One of my biggest passions as a science educator is to ensure that my students see themselves represented in the scientists I highlight in my classroom. After a “What does a scientist look like?” activity, kids should know that the answer is THEM! They look like a scientist!
February is Black History Month, and Hispanic Heritage Month runs from September 15 to October 15. November is Native American Heritage Month, and in May, our country honors Asian Pacific American Heritage Month.
I get that we’re busy teaching curriculum and trying to fit it all in. I get that these months make convenient times to make a bulletin board or do a lesson about a particular group of scientists.
But covering diverse scientists shouldn’t start or end in a “special month”!
Teaching about diverse scientists should be interweaved into teaching science itself.
Einstein Is Overrated
Let’s start with this mic drop.
Really, it’s not so much that Einstein is overrated; it’s just that when kids think of a scientist, he’s usually the only one that comes to mind. All that bugs me.
Kids need to see more in a scientist than an old dude with crazy hair and a lab coat. They need to see all types of people, young and old, men and women, in lab coats or plain clothes, from every background.
And they need to see more than just the same faces over and over again.
I mean, Mae Jemison made incredible strides. She’s simply amazing, and every student should absolutely know her story. But have kids ever heard of Dr. Jane Wright? Um, no. But she pioneered chemotherapy!
And many kids learn about George Washington Carver in elementary school. But have they ever heard of Lewis Latimer? Probably not. But the man was instrumental in Edison developing the light bulb! (He also invented the precursor to air conditioning. Thank you, sir.)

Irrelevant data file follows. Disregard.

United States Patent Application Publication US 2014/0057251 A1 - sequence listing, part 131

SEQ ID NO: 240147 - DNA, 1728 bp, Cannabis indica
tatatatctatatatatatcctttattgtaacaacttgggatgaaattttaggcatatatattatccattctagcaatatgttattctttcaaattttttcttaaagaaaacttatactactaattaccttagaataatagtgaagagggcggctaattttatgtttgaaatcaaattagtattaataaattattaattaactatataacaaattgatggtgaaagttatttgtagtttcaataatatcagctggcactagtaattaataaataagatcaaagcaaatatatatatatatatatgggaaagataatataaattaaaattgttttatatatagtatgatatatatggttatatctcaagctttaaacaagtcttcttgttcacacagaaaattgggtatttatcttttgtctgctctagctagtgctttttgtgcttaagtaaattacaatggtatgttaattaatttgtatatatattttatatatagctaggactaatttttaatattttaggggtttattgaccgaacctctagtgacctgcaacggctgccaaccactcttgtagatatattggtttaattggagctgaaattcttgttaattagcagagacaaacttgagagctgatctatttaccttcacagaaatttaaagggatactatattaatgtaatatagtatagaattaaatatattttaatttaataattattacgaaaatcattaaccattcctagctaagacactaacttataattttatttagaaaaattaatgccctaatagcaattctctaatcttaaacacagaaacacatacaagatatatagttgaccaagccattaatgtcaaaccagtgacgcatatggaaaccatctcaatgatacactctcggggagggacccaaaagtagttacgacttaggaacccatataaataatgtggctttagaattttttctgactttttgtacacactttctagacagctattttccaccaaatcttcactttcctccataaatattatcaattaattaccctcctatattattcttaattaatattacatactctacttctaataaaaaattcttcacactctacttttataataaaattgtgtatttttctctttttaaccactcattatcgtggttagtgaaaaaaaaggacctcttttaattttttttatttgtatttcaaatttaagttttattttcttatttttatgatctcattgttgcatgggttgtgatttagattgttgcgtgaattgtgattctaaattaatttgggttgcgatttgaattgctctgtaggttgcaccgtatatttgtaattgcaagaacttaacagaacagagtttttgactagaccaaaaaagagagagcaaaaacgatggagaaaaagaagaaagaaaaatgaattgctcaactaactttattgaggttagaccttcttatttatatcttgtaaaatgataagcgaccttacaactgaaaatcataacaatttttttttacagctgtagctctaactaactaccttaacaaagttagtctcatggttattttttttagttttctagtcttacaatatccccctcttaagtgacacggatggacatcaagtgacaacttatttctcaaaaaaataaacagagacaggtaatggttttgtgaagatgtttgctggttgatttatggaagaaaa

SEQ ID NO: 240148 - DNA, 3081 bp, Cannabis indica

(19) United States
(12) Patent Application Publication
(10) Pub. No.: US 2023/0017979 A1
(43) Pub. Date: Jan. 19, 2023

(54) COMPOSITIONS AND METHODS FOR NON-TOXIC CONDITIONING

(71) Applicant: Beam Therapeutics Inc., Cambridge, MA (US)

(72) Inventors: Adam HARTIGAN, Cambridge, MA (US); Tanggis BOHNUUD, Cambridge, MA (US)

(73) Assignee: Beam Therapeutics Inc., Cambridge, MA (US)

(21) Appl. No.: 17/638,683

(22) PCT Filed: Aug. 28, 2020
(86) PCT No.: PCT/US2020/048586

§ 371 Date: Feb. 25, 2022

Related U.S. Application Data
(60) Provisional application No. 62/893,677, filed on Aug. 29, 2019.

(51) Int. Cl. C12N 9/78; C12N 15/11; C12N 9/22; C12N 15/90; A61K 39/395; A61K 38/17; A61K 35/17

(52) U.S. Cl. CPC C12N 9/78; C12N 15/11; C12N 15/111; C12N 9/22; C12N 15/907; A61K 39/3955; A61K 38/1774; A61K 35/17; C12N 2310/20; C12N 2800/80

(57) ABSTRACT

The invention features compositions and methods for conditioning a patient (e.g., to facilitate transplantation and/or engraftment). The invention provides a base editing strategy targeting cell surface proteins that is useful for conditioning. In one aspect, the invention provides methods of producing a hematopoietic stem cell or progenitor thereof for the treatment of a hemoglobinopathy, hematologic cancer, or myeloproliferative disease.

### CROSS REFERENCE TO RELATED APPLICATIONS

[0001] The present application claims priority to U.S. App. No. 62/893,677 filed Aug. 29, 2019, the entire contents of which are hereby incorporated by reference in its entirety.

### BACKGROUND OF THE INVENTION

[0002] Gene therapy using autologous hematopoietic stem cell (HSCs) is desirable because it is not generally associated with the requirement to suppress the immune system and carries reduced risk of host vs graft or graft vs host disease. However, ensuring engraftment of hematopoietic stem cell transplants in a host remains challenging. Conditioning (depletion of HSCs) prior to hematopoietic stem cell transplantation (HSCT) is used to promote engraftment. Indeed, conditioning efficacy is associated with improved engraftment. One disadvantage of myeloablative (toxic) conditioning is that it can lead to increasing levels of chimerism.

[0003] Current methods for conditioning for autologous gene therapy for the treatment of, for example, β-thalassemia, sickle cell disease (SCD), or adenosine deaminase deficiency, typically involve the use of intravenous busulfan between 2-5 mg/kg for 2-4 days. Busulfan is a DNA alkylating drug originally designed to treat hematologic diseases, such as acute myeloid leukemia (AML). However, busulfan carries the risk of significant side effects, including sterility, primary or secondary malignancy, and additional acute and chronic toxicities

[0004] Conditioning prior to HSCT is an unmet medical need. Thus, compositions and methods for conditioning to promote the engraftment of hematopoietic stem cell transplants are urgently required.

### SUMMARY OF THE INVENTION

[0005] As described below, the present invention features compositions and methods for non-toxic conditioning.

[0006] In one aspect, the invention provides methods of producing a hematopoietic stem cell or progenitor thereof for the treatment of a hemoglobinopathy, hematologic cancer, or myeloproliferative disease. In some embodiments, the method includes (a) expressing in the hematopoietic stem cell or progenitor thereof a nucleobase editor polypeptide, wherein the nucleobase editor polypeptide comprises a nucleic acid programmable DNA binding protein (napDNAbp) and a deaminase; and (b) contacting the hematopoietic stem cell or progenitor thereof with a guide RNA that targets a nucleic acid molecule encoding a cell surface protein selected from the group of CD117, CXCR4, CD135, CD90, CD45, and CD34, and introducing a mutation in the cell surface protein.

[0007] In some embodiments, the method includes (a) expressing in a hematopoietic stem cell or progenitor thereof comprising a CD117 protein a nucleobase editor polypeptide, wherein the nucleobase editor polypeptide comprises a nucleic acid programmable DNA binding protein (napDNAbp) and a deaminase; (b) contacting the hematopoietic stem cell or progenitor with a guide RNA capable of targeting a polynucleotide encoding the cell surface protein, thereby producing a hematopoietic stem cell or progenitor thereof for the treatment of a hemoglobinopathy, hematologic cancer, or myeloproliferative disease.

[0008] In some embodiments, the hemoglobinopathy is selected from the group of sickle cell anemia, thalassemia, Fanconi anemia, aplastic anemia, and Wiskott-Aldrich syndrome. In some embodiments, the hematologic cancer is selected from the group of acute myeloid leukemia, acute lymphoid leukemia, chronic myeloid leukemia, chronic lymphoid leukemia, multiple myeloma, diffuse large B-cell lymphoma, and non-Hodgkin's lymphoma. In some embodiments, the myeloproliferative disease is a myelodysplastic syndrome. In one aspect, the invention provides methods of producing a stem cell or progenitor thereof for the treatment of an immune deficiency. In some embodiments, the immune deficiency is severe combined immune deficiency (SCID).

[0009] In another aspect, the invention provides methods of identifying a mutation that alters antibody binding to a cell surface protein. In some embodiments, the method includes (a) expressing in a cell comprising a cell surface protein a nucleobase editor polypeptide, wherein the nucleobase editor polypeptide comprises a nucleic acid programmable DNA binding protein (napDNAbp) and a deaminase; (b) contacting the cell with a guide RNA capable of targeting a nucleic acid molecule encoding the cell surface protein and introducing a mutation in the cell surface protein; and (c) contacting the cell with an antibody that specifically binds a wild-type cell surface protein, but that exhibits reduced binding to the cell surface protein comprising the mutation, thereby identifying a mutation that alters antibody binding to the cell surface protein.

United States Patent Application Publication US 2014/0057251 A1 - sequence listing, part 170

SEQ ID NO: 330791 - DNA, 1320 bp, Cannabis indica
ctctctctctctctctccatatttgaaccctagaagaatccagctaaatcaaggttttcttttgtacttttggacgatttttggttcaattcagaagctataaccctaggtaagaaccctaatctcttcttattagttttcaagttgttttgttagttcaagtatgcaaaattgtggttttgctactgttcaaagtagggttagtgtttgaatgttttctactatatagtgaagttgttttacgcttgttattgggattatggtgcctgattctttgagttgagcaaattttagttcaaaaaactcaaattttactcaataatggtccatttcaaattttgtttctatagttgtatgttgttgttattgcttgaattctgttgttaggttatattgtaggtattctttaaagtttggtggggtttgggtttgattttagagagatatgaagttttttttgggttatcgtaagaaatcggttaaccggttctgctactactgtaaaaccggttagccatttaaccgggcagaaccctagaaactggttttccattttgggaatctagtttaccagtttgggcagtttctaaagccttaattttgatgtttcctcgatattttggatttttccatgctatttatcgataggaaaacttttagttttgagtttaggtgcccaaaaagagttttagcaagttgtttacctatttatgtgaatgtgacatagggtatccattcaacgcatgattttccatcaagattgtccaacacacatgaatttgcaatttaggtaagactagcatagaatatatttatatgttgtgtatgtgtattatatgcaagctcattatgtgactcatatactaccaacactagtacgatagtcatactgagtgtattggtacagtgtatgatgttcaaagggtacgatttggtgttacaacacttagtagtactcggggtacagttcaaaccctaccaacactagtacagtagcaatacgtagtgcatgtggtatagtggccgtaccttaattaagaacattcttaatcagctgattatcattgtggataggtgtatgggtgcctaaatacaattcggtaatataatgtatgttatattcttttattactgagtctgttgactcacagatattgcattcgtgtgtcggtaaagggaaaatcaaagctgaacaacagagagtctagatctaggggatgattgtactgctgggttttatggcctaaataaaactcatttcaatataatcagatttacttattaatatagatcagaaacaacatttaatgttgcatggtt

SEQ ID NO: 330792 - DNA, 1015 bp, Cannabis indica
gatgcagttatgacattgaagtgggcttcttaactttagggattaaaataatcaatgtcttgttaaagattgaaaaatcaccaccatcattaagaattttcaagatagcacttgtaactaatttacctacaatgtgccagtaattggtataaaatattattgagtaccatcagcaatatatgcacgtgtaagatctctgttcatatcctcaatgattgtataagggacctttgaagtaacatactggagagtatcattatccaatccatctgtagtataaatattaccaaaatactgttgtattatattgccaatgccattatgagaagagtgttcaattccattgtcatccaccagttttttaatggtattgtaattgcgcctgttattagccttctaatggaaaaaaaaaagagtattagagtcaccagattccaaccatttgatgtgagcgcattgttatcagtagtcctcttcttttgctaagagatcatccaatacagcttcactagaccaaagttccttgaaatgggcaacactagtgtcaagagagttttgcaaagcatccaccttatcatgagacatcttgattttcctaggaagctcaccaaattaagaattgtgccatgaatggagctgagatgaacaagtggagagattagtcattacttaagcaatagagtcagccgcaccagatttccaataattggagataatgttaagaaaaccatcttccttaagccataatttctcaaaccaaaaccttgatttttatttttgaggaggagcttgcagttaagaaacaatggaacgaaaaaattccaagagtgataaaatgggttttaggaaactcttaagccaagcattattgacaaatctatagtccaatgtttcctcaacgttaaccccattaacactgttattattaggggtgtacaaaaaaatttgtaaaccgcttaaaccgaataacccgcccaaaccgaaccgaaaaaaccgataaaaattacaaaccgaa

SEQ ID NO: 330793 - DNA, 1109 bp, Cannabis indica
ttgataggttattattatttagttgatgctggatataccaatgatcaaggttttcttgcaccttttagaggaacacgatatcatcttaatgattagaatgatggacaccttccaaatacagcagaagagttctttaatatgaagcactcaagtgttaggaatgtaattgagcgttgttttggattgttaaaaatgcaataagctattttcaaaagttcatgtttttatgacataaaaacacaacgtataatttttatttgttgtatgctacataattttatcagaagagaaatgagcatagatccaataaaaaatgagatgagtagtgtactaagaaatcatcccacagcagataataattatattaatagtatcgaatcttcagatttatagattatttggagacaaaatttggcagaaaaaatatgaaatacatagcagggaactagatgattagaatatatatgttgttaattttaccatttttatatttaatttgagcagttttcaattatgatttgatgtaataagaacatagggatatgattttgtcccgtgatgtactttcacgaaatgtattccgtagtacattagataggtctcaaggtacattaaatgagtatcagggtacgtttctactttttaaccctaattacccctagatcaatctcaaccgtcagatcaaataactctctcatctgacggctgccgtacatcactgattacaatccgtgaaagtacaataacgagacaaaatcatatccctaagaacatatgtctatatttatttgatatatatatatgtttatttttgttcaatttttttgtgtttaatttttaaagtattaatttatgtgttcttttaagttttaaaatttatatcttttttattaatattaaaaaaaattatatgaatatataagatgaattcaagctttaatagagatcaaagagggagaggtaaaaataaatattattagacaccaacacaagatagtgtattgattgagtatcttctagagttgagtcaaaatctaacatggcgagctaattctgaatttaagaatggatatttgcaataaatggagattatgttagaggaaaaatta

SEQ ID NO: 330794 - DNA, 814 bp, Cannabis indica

And what about Bisi Ezerioha? He’s an engineer who is so passionate about racecar driving that he started his own company and invented a 1000+ horsepower motor. How cool of a scientist is that?!
It’s up to us to widen students’ views of who a scientist is. It’s up to us to introduce them to lots and lots of scientists, not just the ones they always see.
I repeat: They need to see themselves. And they need to see more than the “usuals.” There’s a lot of really important work that’s been done by people who aren’t household names and who don’t look like Einstein.
Dr. Jane Wright Biography
Let’s talk more about Dr. Jane Wright. When she started her cancer research, doctors thought that any cancer treatment other than surgery or radiation was a waste of time. So, if you, as I do, know anyone who has ever fought cancer or taken medications for arthritis or psoriasis, we have Dr. Wright to thank for her work.
It’s stunning to me that this scientist, whose impact is so incredibly far-reaching, is not a household name. I mean, whose work are we all more personally impacted by, Dr. Wright or Einstein?
I feel a responsibility to make sure my students know what Dr. Jane Wright’s work has done for all of us.
I’ve created a text about Dr. Jane Wright that can be used in any secondary classroom, as well as a corresponding worksheet. You can download the FREE document here. I hope you share her story with your students. She’s not Einstein, and that’s the point!
So Many More Like Her!
Kids need to know that there are a lot of scientists just like Dr. Wright – people who have made incredible contributions to science but remain largely unknown.
For example, have you heard of Dr. Susan La Flesche Picotte? A member of the Omaha tribe, she was the first Indigenous American woman to earn a medical degree.
And do you know the story of Olga D. González-Sanabria? She is a Puerto Rican inventor and chemical engineer. She’s the highest-ranking Hispanic at NASA! She led the team that developed the innovative batteries in the International Space Station.
How about Vivien Thomas? His story is remarkable. The grandson of enslaved people, he developed a surgical procedure for curing blue baby syndrome – a procedure that saves babies’ lives to this day.
Bring these scientists to life by having students read a biography and then answer questions on a worksheet. I offer many in the Representation in Science section of my store!
“What Does a Scientist Look Like?” Activities
Beyond reading biographies, there’s many things you can do to introduce students to diverse scientists.
Free coloring pages from www.ColorMePhD.org: This is an amazing resource for scientist coloring activities. They aren’t just simply coloring pages, however. Each sheet has a nice write-up about the scientist they feature. These are great for fast finishers or for when you have an extra few minutes at the end of a class.